Together for a Better Internet 2019
Suffolk police are asking parents and carers to talk to their children about staying safe online and come #TogetherforaBetterInternet
Safer Internet Day, on Tuesday 5 February, is co-ordinated by the UK Safer Internet Centre, aims to highlight positive uses of technology and the role everyone plays in helping to create a better and safer online community for children and young people.
Suffolk Police will be supporting this year’s campaign by asking parents and carers to look at whether the social media accounts, websites and apps that their children have access to are appropriate.
Detective Inspector Steve Corbett said: "The theme of this year’s Safer Internet day is ‘Together For A Better Internet’ and by working together families can ensure they are all playing a role together to stay safe online.”
"We are asking parents and carers across Suffolk to sit down with their children and talk frankly about their online activity,
- Get to know and become familiar with the social networks your children use, such as Twitter, Facebook, Instagram, Snapchat, Vine, You Tube, Tumblr. InternetMatters and ThinkYouKnow websites are good sources of information for keeping up with the latest social media networks and advice.
- Check privacy settings on your child’s social network. Make sure these are set so that only family/close friends can see their profiles, especially their photographs and location. Stress the need for password protection and the necessity of not sharing with friends or others.
- Teach them about cyberbullying. Encourage them to use appropriate language online, if they wouldn’t say it in person, don’t text or post it on line. Get them to report cyberbullying and talk to a trusted adult if they or someone they know is being cyberbullied.
- Think before you post or engage in sexting. Ensure your child is aware that whatever they put online can be shared with the entire world forever!
- Set a positive example. Lead by example of how to behave online, do not post inappropriately yourself, protect your social media profiles and limit your usage to a reasonable time.
"We understand the great public concern that has recently been expressed over children and young people accessing content related to self-harm and suicide online and we would urge people to visit Internet Matters https://www.internetmatters.org for a comprehensive range of support and advice. "
Tim Passmore, Suffolk’s Police and Crime Commissioner said, "Keeping Suffolk’s young people safe online is an issue of grave concern. We’ve had many of reports about grooming and violence being incited online and these threats need to be tackled now.
"I fully support the Constabulary’s campaign to come #TogetherforaBetterInternet. It is so important that parents and carers take time to talk to their children about the dangers that the internet can pose. We hear so many tragic stories of self-harm and suicide being linked to information picked up from the internet so we need to do all we can to help parents and carers to help their children to stay safe online.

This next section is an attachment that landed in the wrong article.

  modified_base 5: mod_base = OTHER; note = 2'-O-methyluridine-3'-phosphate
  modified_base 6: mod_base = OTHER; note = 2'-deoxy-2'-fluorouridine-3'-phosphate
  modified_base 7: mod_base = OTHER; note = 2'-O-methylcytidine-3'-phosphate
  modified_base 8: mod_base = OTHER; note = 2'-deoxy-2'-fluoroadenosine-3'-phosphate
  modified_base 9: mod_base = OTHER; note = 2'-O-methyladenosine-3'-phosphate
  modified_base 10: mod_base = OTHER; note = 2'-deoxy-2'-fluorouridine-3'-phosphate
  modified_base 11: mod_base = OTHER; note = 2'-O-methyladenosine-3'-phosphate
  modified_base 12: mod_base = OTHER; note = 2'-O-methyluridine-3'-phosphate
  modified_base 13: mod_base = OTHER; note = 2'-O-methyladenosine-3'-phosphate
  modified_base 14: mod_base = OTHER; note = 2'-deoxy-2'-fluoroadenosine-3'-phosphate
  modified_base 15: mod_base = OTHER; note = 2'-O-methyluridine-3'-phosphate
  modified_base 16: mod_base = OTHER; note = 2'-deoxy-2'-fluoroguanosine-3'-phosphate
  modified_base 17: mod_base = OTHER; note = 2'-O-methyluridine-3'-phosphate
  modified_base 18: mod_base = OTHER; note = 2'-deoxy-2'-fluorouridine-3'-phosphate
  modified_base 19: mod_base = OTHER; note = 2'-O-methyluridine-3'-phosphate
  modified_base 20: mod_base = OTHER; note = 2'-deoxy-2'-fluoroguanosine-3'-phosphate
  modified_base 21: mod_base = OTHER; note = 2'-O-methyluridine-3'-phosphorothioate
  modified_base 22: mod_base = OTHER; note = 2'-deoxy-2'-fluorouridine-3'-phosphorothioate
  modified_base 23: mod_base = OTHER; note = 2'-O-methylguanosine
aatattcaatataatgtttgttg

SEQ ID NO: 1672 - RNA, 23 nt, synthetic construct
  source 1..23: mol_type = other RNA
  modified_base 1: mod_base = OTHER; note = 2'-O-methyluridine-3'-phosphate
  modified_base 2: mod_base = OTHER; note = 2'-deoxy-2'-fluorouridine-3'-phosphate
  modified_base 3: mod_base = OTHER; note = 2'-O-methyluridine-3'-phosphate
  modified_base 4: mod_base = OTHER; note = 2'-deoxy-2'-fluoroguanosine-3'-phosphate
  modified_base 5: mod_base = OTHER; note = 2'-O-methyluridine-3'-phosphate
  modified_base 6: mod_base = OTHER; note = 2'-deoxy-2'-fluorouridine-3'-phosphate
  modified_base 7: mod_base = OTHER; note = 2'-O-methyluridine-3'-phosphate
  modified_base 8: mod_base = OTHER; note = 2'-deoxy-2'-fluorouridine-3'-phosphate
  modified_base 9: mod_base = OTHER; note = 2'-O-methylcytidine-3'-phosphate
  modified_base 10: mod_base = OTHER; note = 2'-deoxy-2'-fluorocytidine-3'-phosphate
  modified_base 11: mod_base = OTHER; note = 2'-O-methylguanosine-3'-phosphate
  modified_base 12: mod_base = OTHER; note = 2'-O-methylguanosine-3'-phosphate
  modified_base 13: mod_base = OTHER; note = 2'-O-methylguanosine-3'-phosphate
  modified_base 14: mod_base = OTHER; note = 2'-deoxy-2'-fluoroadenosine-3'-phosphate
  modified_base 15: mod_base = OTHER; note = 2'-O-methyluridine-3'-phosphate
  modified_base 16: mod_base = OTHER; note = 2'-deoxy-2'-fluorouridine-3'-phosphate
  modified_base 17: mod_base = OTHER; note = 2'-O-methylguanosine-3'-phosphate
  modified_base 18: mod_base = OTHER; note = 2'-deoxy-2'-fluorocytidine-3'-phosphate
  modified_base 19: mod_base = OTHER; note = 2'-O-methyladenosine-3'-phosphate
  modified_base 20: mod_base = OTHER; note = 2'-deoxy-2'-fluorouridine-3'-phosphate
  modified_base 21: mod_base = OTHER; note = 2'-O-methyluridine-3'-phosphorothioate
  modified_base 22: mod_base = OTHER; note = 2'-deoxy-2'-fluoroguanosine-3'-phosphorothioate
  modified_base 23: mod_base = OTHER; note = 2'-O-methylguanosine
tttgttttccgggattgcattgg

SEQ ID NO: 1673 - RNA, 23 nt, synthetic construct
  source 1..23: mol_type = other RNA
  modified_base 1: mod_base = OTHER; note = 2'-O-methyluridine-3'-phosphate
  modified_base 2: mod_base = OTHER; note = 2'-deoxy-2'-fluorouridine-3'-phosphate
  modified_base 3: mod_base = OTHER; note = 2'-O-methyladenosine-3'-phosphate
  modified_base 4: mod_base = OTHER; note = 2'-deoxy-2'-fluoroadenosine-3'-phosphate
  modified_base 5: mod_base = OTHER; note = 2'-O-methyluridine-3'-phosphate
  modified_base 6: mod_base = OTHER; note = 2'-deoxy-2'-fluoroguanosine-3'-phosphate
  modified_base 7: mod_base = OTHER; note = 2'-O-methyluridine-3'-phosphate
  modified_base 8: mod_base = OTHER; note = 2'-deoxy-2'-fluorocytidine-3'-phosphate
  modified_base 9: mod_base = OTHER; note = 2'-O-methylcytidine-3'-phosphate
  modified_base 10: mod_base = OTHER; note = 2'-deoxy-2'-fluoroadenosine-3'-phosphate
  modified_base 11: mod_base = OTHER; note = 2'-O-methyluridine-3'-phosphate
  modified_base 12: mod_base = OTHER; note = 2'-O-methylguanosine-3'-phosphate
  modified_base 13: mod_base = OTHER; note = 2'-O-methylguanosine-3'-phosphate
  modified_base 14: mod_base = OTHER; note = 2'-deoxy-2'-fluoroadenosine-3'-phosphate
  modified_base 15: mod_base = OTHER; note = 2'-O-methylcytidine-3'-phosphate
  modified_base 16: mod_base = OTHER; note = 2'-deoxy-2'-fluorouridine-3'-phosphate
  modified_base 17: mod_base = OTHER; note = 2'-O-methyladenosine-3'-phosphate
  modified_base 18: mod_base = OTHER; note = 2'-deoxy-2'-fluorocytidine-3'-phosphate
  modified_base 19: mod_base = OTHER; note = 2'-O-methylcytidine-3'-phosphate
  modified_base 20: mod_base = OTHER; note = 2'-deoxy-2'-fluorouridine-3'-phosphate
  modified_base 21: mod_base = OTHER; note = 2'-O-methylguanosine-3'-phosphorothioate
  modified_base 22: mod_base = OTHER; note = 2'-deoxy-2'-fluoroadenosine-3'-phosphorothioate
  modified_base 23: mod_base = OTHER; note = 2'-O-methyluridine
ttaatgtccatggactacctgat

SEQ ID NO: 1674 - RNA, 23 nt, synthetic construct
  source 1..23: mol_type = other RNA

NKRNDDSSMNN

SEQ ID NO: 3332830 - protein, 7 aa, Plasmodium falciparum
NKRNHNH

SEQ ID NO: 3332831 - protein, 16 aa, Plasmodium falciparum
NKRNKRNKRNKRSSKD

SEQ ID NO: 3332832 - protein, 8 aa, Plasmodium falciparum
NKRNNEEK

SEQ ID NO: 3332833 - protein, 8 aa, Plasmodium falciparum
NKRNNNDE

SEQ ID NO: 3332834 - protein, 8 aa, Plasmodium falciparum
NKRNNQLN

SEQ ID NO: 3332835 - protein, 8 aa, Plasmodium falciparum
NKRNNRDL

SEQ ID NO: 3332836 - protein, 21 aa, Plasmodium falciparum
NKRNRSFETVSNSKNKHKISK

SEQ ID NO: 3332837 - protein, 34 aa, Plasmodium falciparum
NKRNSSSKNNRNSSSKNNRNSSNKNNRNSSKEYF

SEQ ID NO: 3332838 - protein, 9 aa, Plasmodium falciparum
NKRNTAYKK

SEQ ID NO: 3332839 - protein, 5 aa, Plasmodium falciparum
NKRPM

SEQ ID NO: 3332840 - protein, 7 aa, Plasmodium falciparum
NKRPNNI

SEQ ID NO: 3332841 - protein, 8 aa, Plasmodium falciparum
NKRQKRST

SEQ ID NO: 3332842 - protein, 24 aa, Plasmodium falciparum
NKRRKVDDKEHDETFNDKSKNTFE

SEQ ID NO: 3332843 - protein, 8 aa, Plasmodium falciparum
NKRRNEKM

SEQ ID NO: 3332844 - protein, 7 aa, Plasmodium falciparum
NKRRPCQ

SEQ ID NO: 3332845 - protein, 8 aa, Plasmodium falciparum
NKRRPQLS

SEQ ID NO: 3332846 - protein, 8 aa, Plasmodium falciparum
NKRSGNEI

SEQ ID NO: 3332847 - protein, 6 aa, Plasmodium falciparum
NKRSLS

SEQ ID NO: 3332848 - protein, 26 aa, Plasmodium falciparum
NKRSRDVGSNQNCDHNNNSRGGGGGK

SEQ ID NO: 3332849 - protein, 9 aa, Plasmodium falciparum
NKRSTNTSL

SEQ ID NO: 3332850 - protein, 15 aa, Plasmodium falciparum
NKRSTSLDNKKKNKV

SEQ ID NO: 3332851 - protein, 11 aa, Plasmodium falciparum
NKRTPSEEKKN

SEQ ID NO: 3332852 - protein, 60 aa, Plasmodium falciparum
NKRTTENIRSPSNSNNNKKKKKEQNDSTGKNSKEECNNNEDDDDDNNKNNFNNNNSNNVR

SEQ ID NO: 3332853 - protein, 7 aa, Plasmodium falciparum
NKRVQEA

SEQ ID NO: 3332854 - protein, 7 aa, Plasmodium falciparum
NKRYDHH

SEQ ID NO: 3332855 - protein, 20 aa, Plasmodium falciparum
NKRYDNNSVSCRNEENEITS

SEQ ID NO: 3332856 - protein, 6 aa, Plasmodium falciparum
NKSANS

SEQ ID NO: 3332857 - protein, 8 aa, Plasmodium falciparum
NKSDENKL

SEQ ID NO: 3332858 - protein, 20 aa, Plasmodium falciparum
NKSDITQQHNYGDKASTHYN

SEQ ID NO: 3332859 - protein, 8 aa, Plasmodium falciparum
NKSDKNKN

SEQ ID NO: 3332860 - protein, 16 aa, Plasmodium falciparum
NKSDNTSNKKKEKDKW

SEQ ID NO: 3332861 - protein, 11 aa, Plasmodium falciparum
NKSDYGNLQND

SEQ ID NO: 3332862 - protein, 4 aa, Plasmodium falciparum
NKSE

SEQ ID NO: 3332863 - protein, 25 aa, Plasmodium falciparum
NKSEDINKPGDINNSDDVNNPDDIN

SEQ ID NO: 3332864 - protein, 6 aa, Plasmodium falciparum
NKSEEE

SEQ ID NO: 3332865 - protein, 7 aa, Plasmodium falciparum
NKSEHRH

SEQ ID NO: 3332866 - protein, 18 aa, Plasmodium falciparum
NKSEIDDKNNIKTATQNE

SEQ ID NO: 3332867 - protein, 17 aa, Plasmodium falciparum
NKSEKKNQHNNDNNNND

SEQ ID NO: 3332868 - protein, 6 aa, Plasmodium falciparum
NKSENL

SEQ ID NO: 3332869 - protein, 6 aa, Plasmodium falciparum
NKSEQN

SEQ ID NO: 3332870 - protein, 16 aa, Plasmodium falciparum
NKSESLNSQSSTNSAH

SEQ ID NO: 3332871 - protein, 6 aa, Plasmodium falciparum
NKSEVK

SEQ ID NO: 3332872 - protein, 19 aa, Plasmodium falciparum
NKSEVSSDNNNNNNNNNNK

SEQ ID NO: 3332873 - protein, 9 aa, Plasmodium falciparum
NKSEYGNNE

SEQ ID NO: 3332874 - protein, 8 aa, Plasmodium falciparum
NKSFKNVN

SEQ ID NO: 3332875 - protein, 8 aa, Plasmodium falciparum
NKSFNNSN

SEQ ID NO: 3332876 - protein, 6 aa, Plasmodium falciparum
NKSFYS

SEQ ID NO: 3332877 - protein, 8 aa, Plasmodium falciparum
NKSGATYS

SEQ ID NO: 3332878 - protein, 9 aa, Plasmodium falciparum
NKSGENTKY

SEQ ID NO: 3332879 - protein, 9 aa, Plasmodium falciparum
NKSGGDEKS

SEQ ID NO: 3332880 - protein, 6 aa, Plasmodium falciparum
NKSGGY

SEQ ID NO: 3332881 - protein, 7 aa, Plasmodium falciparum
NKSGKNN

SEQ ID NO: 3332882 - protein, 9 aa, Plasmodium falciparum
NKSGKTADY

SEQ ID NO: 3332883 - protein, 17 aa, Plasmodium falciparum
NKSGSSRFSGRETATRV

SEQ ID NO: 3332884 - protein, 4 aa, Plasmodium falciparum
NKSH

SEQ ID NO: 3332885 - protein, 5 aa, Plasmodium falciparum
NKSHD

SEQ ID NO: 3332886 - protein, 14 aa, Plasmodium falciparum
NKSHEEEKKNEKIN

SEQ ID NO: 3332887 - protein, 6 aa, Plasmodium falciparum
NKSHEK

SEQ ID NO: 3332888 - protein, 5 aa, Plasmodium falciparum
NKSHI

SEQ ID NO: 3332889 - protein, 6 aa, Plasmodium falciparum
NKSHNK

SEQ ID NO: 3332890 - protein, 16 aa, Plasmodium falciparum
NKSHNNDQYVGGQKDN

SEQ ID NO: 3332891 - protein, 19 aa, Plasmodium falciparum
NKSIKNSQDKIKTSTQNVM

He added, "Last year my £100K #StaySafeOnline Fund supported various organisations across the county. These projects funded by my office have engaged with over 100,000 young people to make them aware of the potential evil of the internet.”
As part of Safer Internet day families are also being encourage to sign up to their own Internet Safety Plan. This gives them the chance to talk about online behaviours, such as what they should or shouldn’t do on the internet, agree how long devices can be used every day and what to do if something has caused upset. https://www.childnet.com/ufiles/Online-safety-agreement.pdf
During the week officers from Suffolk Police’s cybercrime team will also be going into various schools across the county to raise awareness and educate young people around online safety as part of their continued work.
The University of Suffolk is hosting a multi-disciplinary conference on Safe Internet Day to promote the safe and positive use of digital technology for children, young people and vulnerable adults and inspire new debates for digital wellbeing. Charlotte Driver from the Cybercrime team taking part in the event and will be giving a presentation.
For more information and advice
Here are links to two hard-hitting films which highlight the greatest dangers to children of being groomed online. Children viewing this material should do so with an appropriate adult.
Murder Games: The Life and Death of Breck Bednar is a short film BBC Three docudrama which recounts the true story of a Breck, a 14-year-oldschoolboy from Surrey who was murdered after being groomed online while playing video games by an older teenager, Lewis Daynes.
Kayleigh’s Love Story is a five minute film that tells the events of the last two weeks of 15-year-old Kayleigh Haywood’s life, from the moment that Luke Harlow got in touch with her on Facebook to the moment that she was killed by his next door neighbour. It was made support of Kayleigh’s family by Leicestershire Police in association with Affixxius Films.
The film is a warning to young people, both girls and boys, about the dangers of speaking to people they don’t know online. The film highlights just how quick and easy it can be for children to be groomed online . Its purpose is to protect children now and in the future and to stop another family losing a child in this way.